The Selkirk Mountains are discussed on Pages 35-49 of the book.

The Selkirk mountains begin on Mica Peak (west of Coeur d’Alene, Idaho) and extend north, paralleling the Idaho/Washington border for more than 100 miles, into Canada. This mountain range, which is up to 30 miles wide, surrounds the Priest Lake Basin. The Selkirk peaks are formed of granite from the Kaniksu Batholith and Spokane Dome granite and Precambrian rocks from the Belt Supergroup series. The name “Kaniksu Range” is sometimes used to identify the mountains west of the Priest Lakes. The central crest is sometimes known as the “Priest Range.”

Blue Mountain from Schweitzer Basin Peak.

Blue Mountain as viewed from Schweitzer Basin Peak.

The Idaho Selkirk Mountains are a complex range with significant valley-to-summit elevation gains, rugged canyons and deep forests. The terrain was shaped by glacial action which molded the granite into an exceptional mountainous land. Unfortunately, due to land ownership patterns (discussed in the book), access can be difficult. Nevertheless, failing to spend time exploring this range will deprive climbers of a uniquely Idaho experience.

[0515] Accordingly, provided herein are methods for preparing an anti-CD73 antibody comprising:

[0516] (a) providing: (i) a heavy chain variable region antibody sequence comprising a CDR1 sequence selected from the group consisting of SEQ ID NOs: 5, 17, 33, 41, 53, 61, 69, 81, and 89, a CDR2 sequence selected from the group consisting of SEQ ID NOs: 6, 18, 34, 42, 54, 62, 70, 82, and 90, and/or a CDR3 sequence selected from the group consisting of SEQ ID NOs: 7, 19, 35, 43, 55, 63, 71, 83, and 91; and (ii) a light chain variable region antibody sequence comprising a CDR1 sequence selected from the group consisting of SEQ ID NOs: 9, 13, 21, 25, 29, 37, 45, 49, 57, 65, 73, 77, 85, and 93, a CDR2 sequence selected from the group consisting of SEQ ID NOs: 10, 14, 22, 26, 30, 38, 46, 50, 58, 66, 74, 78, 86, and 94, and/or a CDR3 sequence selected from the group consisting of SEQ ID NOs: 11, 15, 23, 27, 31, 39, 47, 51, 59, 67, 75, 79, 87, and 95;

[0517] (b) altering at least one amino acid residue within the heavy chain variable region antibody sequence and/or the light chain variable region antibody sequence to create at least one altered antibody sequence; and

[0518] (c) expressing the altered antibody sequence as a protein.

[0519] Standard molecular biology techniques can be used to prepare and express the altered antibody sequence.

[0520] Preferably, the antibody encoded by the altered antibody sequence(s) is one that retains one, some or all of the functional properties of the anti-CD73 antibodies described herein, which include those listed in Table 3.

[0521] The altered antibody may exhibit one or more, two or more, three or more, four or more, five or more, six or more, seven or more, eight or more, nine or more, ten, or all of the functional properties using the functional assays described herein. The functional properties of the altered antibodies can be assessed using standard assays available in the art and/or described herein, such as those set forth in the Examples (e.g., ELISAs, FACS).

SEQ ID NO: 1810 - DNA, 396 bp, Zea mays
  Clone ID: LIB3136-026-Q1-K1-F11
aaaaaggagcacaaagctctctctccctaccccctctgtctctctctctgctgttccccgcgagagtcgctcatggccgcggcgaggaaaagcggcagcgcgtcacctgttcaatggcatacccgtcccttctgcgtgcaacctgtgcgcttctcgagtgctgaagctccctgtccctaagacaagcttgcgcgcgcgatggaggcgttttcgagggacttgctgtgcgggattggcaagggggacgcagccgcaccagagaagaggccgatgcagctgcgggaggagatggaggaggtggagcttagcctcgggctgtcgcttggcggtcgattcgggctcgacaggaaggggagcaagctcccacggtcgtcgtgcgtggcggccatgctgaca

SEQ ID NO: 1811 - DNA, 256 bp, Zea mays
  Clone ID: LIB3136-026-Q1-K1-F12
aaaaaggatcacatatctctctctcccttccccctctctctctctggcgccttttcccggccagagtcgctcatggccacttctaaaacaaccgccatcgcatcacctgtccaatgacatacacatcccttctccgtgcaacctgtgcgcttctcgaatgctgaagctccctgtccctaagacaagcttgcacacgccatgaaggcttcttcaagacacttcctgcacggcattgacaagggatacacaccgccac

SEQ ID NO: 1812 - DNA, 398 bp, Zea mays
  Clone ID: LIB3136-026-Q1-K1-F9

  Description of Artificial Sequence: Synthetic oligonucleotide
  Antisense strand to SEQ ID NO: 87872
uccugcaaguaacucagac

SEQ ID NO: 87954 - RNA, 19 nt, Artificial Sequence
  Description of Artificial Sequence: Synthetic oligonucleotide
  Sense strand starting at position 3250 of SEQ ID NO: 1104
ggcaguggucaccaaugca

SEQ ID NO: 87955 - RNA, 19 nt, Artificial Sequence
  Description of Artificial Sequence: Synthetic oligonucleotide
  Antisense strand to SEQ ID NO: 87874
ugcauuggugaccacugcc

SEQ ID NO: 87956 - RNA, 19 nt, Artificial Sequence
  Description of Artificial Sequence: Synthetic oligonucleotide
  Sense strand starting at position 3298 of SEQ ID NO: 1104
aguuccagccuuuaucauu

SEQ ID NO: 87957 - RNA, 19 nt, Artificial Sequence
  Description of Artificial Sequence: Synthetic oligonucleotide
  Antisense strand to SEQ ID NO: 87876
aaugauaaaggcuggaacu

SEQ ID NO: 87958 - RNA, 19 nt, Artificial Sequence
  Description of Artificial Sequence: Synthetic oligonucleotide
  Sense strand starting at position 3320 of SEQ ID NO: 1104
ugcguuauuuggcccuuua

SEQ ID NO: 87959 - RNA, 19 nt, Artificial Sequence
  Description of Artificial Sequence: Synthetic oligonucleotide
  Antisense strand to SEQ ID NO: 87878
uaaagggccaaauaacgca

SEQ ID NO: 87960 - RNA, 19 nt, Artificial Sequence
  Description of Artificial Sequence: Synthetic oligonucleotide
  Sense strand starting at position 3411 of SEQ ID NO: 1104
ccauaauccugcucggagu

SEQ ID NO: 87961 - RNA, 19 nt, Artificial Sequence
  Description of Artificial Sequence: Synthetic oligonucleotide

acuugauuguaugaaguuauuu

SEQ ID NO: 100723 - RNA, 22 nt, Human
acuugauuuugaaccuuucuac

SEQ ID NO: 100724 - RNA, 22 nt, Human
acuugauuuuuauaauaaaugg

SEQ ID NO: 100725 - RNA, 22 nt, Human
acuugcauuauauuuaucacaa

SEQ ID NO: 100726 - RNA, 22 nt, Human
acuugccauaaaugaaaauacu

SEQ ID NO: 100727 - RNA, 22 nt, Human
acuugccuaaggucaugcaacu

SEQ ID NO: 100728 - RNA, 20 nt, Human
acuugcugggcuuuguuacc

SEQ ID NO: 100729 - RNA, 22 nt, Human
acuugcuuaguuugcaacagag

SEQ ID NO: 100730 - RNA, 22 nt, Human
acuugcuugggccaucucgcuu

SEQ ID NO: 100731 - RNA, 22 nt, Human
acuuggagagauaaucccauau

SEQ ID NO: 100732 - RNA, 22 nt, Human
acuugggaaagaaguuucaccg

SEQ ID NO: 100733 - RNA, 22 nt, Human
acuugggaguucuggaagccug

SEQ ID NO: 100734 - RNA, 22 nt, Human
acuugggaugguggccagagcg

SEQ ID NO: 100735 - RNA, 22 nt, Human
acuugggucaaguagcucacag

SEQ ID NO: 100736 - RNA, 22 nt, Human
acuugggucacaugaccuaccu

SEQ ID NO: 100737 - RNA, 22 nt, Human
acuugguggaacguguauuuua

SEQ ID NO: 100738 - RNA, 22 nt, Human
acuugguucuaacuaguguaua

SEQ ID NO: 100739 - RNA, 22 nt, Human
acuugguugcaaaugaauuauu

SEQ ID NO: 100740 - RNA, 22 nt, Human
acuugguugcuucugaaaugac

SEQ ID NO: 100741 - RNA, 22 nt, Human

Chimney Rock is the best known Idaho Selkirk peak, but there are lot of other peaks worth your attention like Harrison Peak and Lions Head. Check out the book for additional information. Click on this link for information on the The Long Canyon-Selkirk Crest roadless area. Use this link to see a list of all Selkirk Mountains peaks found on this website: Selkirk Mountains Peaks. There is a newer guidebook covering a number of Idaho Selkirk Peaks: Climber’s Guide to North Idaho and the Cabinet Wilderness By Thaddeus Laird

Selkirk Range from Mount Pend Oreille.

The Selkirk Range as viewed from Mount Pend Oreille.

Chimney Rock from the south.

Chimney Rock as viewed from the south.

The summit of Peak 7714. Victor Zhou Photo

Mount Roothan. Victor Zhou Photo

Mount Roothan. Victor Zhou Photo


Mountain Range: Selkirk Mountains


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